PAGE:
Spain’s Rioja wine area was discussed in the last Blog. Today, we’ll focus on the neighboring Ribera Del Duero (RdD) district. The RdD, like the Rioja, produces high quality, complex wines that have great aging potential. While both of the wine regions are located at approximately the same latitude and only a few hours drive from one another, they are distinctly different. Below are five significant differences between the two rock-star districts.The Duero River (Douro across the border in Portugal) exerts a huge influence on the RdD's terroir
Both the RdD & Rioja have major rivers that moderate their climates. The RdD, traversed for 70 miles by the Duero River, is a 3,000 foot high plateau with baking hot summers and freezing cold winters which are tamed by this river. Unlike the Rioja, there is no maritime influence from the Atlantic. Furthermore, in contrast to the Rioja, the RdD’s soil is clay, silt & limestone.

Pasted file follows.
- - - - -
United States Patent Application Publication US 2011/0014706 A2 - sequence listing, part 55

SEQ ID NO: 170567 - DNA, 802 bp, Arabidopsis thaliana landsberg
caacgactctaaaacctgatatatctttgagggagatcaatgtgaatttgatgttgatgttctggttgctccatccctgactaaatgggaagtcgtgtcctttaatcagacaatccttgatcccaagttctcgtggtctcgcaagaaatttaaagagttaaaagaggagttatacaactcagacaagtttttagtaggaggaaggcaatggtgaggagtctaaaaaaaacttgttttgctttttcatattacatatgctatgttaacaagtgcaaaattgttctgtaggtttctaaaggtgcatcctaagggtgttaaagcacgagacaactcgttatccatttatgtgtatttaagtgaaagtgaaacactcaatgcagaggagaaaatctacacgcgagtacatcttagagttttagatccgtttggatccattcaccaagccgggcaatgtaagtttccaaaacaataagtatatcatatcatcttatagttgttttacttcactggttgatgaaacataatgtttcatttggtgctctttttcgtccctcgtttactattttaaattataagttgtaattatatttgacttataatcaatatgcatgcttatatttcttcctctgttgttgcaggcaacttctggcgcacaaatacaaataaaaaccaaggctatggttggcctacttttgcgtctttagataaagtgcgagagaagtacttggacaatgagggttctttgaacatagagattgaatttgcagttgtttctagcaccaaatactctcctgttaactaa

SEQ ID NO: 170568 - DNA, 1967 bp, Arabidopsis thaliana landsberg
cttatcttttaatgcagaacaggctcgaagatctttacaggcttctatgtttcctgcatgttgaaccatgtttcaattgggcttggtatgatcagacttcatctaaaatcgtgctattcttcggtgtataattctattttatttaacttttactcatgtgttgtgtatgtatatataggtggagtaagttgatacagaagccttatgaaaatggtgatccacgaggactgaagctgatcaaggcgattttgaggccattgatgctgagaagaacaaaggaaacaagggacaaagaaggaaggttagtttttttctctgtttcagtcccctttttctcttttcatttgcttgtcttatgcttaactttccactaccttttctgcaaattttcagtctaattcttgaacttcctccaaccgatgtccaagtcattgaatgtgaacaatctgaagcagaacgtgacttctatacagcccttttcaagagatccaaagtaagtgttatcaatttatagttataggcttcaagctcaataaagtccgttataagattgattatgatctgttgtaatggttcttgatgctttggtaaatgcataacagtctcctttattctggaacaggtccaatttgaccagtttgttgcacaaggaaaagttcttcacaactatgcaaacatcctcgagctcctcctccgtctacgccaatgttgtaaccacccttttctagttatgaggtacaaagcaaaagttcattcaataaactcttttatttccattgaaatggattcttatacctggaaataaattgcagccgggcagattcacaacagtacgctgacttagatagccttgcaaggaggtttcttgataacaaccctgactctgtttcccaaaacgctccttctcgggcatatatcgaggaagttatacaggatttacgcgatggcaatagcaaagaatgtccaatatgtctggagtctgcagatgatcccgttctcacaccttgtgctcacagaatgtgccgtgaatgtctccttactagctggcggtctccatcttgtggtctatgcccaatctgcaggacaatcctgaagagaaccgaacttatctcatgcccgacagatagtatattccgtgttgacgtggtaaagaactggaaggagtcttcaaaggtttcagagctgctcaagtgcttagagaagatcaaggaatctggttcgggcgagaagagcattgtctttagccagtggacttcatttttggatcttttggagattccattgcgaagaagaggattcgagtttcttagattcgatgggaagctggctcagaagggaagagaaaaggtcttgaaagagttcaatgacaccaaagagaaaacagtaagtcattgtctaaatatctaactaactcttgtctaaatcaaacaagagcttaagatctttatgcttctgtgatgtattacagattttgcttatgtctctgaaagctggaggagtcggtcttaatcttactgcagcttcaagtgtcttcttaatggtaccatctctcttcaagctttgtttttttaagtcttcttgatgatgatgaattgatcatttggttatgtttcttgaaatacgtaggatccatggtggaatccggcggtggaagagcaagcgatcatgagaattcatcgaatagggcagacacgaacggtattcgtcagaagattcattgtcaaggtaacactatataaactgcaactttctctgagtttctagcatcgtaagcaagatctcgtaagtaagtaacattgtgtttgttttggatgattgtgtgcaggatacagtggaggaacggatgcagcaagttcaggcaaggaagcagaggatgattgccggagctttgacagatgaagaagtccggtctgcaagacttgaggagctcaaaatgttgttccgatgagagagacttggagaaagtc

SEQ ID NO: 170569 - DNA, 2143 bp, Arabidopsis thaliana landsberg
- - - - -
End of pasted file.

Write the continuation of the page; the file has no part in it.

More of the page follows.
RdD wines are more masculine than the Rioja's softer style wines
The extreme climatic conditions coupled with the heartier soils of the RdD translate to wines that tend to be more muscular than those of the Rioja. RdD wines are typically from riper grapes of darker fruit with higher alcohol potential. Due to its terroir, the RdD also has more assertive flavors (think black cherry & blackberry), while the Rioja offers softer red fruit flavors such as strawberry.